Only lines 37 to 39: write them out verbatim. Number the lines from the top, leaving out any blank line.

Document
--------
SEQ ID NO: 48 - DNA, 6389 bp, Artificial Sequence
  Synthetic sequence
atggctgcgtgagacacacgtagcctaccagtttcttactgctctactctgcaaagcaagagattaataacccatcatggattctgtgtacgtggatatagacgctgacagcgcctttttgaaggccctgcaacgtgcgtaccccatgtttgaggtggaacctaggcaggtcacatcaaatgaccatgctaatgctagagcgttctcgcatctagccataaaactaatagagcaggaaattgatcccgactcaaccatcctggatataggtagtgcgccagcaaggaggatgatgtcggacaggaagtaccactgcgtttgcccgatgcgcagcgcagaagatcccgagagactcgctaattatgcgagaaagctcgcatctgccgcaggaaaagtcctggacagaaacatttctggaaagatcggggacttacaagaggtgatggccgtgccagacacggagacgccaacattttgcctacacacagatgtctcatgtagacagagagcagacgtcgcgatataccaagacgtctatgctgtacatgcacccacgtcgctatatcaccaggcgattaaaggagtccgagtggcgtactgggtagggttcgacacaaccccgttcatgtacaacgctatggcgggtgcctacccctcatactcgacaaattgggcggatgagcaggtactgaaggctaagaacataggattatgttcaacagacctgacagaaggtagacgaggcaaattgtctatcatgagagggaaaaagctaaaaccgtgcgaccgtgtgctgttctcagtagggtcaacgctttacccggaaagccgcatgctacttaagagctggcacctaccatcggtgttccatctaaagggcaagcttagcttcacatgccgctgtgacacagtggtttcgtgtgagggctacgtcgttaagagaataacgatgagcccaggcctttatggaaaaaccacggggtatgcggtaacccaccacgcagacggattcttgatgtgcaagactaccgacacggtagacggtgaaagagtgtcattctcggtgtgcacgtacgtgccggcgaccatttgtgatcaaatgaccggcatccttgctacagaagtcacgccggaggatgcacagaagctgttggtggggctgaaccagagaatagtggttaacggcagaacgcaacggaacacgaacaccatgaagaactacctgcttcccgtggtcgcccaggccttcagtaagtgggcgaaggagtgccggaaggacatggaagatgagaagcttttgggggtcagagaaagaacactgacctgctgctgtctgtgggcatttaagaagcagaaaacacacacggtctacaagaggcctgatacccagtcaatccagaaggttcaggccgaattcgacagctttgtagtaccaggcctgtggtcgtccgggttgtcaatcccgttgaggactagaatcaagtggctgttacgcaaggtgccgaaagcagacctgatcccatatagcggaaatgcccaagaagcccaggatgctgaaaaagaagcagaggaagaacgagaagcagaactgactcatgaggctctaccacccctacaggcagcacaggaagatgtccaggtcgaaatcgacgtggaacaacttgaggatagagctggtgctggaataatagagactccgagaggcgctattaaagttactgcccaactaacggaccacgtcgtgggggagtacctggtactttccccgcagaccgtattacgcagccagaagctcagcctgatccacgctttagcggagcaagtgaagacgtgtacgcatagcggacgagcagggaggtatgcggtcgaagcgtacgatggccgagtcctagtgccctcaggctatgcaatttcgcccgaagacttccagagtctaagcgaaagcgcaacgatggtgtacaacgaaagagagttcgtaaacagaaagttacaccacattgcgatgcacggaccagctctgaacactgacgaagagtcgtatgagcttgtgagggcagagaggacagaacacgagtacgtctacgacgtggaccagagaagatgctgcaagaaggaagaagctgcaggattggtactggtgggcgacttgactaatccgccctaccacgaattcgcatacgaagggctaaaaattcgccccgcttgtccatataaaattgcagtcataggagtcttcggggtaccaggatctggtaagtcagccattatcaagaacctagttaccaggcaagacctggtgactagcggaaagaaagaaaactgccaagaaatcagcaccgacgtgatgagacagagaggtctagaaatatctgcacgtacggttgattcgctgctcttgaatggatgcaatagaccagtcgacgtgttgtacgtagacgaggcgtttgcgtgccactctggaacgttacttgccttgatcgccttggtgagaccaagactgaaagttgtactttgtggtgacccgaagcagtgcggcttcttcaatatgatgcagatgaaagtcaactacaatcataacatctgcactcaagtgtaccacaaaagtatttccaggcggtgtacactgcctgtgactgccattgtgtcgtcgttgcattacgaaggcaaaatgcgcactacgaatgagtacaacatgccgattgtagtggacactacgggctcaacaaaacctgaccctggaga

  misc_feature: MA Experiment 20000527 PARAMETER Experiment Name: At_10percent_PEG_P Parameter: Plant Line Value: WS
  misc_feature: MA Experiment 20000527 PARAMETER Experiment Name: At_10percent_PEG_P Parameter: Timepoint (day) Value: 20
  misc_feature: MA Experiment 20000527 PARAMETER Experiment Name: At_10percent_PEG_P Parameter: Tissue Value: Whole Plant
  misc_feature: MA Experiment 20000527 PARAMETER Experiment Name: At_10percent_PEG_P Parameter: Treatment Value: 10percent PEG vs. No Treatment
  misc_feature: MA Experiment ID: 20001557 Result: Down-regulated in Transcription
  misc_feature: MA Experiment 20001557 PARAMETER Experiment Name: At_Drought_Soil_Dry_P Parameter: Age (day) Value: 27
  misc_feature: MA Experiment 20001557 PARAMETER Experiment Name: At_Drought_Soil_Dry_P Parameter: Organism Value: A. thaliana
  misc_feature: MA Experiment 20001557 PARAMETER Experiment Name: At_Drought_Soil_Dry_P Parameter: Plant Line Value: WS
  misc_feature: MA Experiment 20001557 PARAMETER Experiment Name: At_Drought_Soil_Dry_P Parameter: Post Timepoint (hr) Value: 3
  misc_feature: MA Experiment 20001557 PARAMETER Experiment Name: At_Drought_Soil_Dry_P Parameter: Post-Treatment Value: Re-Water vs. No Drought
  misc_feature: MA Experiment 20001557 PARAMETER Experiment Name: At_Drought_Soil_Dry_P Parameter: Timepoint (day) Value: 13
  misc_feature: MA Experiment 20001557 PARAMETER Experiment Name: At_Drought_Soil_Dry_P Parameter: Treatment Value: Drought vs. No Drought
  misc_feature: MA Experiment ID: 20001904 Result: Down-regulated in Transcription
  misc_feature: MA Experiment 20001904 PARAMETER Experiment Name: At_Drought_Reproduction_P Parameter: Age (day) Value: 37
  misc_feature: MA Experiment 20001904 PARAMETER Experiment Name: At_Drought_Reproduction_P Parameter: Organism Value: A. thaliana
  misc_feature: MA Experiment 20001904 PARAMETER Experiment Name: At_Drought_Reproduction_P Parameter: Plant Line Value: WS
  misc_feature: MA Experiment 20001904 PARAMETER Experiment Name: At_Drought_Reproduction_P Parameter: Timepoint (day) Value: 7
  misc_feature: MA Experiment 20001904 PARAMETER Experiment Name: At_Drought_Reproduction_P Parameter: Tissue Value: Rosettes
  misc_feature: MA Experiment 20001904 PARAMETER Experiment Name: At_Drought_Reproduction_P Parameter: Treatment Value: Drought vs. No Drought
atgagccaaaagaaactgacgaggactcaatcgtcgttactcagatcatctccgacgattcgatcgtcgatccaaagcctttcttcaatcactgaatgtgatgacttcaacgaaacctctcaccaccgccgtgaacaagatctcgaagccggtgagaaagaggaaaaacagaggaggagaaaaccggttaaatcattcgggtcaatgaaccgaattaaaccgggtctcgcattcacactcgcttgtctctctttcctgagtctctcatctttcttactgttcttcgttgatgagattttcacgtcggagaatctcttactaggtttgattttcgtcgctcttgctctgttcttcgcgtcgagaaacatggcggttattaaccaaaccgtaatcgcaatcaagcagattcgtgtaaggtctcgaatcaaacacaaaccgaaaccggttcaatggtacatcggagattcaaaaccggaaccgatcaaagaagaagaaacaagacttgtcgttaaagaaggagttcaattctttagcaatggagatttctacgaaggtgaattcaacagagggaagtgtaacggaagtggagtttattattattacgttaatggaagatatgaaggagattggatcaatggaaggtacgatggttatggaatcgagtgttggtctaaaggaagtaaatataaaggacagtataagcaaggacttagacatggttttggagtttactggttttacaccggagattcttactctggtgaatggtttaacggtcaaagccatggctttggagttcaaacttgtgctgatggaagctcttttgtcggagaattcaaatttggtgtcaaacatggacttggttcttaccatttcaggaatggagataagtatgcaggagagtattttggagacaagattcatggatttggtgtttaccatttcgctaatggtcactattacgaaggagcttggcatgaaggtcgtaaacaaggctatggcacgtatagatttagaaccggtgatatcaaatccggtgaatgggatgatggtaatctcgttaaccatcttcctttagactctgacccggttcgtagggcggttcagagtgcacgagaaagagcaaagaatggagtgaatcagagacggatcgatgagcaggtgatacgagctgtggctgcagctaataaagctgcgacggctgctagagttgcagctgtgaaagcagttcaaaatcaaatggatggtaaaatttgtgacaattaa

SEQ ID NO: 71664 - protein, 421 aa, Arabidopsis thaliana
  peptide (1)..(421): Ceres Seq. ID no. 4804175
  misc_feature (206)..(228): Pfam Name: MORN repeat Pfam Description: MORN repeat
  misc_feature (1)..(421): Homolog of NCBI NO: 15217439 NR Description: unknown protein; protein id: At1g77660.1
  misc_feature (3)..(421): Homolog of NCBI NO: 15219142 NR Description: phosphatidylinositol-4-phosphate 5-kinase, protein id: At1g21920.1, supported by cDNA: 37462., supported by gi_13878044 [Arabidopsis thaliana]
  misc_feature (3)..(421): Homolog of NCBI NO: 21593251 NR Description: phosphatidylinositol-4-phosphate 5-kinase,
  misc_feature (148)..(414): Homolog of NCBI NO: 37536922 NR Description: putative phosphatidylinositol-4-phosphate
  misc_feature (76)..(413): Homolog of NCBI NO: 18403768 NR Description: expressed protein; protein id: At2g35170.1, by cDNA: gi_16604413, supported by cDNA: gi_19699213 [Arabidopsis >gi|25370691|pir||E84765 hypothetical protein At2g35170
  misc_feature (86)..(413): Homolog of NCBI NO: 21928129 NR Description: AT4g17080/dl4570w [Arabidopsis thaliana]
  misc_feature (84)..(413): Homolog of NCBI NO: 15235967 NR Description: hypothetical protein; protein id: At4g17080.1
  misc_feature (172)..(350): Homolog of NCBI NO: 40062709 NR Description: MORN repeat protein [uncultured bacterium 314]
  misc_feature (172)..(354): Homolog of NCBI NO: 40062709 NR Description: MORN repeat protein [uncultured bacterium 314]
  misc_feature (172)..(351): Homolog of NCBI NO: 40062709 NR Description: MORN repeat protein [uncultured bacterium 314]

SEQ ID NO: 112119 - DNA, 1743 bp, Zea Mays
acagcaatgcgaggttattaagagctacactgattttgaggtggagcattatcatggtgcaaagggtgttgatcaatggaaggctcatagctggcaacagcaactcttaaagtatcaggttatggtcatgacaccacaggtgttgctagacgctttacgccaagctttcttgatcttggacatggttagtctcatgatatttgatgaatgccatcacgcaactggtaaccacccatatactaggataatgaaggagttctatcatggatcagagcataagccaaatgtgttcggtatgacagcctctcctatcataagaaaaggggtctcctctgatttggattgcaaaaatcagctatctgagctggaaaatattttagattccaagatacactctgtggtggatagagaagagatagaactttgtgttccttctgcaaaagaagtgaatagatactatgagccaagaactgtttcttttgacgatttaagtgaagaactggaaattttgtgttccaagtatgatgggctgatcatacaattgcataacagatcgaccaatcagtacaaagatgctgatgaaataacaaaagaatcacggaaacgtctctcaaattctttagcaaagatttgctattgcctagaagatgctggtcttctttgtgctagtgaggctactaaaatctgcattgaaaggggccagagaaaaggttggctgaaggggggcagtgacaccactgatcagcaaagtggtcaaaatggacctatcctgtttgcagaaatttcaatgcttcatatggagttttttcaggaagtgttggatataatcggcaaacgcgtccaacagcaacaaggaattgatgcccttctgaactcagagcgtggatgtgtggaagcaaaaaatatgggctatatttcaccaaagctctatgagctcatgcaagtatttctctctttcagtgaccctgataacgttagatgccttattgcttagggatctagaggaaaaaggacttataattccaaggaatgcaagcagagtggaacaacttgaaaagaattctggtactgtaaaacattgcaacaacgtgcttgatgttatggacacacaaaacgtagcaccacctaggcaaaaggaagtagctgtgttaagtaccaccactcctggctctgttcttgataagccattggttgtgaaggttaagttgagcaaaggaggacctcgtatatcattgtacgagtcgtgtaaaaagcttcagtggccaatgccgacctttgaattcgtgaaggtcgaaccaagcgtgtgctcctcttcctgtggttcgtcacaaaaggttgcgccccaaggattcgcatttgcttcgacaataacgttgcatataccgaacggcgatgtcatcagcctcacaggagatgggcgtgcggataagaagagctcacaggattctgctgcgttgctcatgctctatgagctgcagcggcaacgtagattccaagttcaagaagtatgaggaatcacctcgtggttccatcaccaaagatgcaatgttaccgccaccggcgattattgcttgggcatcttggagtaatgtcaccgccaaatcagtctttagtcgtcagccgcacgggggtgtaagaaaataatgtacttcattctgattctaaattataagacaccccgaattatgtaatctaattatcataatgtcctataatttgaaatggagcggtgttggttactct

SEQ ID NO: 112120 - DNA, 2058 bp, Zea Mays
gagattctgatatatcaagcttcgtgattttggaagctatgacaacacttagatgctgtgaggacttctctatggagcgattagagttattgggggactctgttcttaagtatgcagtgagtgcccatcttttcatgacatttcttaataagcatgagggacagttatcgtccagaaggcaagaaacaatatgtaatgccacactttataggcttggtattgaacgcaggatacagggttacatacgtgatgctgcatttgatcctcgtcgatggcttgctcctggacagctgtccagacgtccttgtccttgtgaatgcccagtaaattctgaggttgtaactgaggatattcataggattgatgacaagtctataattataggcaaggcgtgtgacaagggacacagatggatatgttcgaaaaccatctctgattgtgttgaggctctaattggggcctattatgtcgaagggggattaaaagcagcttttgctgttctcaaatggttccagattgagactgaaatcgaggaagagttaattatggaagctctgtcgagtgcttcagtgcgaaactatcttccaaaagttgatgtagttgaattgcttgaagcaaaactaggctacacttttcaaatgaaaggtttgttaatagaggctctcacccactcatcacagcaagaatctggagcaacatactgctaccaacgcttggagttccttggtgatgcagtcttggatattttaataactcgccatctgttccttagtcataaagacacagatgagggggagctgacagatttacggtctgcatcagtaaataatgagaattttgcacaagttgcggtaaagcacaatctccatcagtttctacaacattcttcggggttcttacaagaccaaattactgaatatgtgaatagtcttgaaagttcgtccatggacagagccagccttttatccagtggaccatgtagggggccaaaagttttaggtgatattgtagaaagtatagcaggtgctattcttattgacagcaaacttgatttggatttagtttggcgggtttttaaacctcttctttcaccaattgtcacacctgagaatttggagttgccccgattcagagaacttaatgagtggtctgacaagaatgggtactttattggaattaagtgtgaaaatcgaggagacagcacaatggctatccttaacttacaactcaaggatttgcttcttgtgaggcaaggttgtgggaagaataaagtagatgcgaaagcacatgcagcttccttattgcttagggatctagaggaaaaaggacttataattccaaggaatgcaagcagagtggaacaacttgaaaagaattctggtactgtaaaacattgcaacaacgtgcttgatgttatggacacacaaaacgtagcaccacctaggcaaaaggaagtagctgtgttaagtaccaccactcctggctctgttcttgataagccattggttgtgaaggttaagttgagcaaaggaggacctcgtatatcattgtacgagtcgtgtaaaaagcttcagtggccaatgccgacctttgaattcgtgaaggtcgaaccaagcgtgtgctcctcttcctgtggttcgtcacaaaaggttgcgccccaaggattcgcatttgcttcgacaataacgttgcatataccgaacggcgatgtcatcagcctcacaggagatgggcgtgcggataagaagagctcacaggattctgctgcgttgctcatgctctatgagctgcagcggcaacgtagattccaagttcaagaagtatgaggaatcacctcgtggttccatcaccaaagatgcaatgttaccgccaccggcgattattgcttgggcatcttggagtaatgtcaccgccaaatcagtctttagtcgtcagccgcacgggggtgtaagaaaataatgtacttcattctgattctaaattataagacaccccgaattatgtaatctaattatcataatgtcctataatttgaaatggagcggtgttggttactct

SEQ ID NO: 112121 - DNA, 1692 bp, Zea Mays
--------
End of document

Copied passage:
SEQ ID NO: 112119 - DNA, 1743 bp, Zea Mays
acagcaatgcgaggttattaagagctacactgattttgaggtggagcattatcatggtgcaaagggtgttgatcaatggaaggctcatagctggcaacagcaactcttaaagtatcaggttatggtcatgacaccacaggtgttgctagacgctttacgccaagctttcttgatcttggacatggttagtctcatgatatttgatgaatgccatcacgcaactggtaaccacccatatactaggataatgaaggagttctatcatggatcagagcataagccaaatgtgttcggtatgacagcctctcctatcataagaaaaggggtctcctctgatttggattgcaaaaatcagctatctgagctggaaaatattttagattccaagatacactctgtggtggatagagaagagatagaactttgtgttccttctgcaaaagaagtgaatagatactatgagccaagaactgtttcttttgacgatttaagtgaagaactggaaattttgtgttccaagtatgatgggctgatcatacaattgcataacagatcgaccaatcagtacaaagatgctgatgaaataacaaaagaatcacggaaacgtctctcaaattctttagcaaagatttgctattgcctagaagatgctggtcttctttgtgctagtgaggctactaaaatctgcattgaaaggggccagagaaaaggttggctgaaggggggcagtgacaccactgatcagcaaagtggtcaaaatggacctatcctgtttgcagaaatttcaatgcttcatatggagttttttcaggaagtgttggatataatcggcaaacgcgtccaacagcaacaaggaattgatgcccttctgaactcagagcgtggatgtgtggaagcaaaaaatatgggctatatttcaccaaagctctatgagctcatgcaagtatttctctctttcagtgaccctgataacgttagatgccttattgcttagggatctagaggaaaaaggacttataattccaaggaatgcaagcagagtggaacaacttgaaaagaattctggtactgtaaaacattgcaacaacgtgcttgatgttatggacacacaaaacgtagcaccacctaggcaaaaggaagtagctgtgttaagtaccaccactcctggctctgttcttgataagccattggttgtgaaggttaagttgagcaaaggaggacctcgtatatcattgtacgagtcgtgtaaaaagcttcagtggccaatgccgacctttgaattcgtgaaggtcgaaccaagcgtgtgctcctcttcctgtggttcgtcacaaaaggttgcgccccaaggattcgcatttgcttcgacaataacgttgcatataccgaacggcgatgtcatcagcctcacaggagatgggcgtgcggataagaagagctcacaggattctgctgcgttgctcatgctctatgagctgcagcggcaacgtagattccaagttcaagaagtatgaggaatcacctcgtggttccatcaccaaagatgcaatgttaccgccaccggcgattattgcttgggcatcttggagtaatgtcaccgccaaatcagtctttagtcgtcagccgcacgggggtgtaagaaaataatgtacttcattctgattctaaattataagacaccccgaattatgtaatctaattatcataatgtcctataatttgaaatggagcggtgttggttactct

SEQ ID NO: 112120 - DNA, 2058 bp, Zea Mays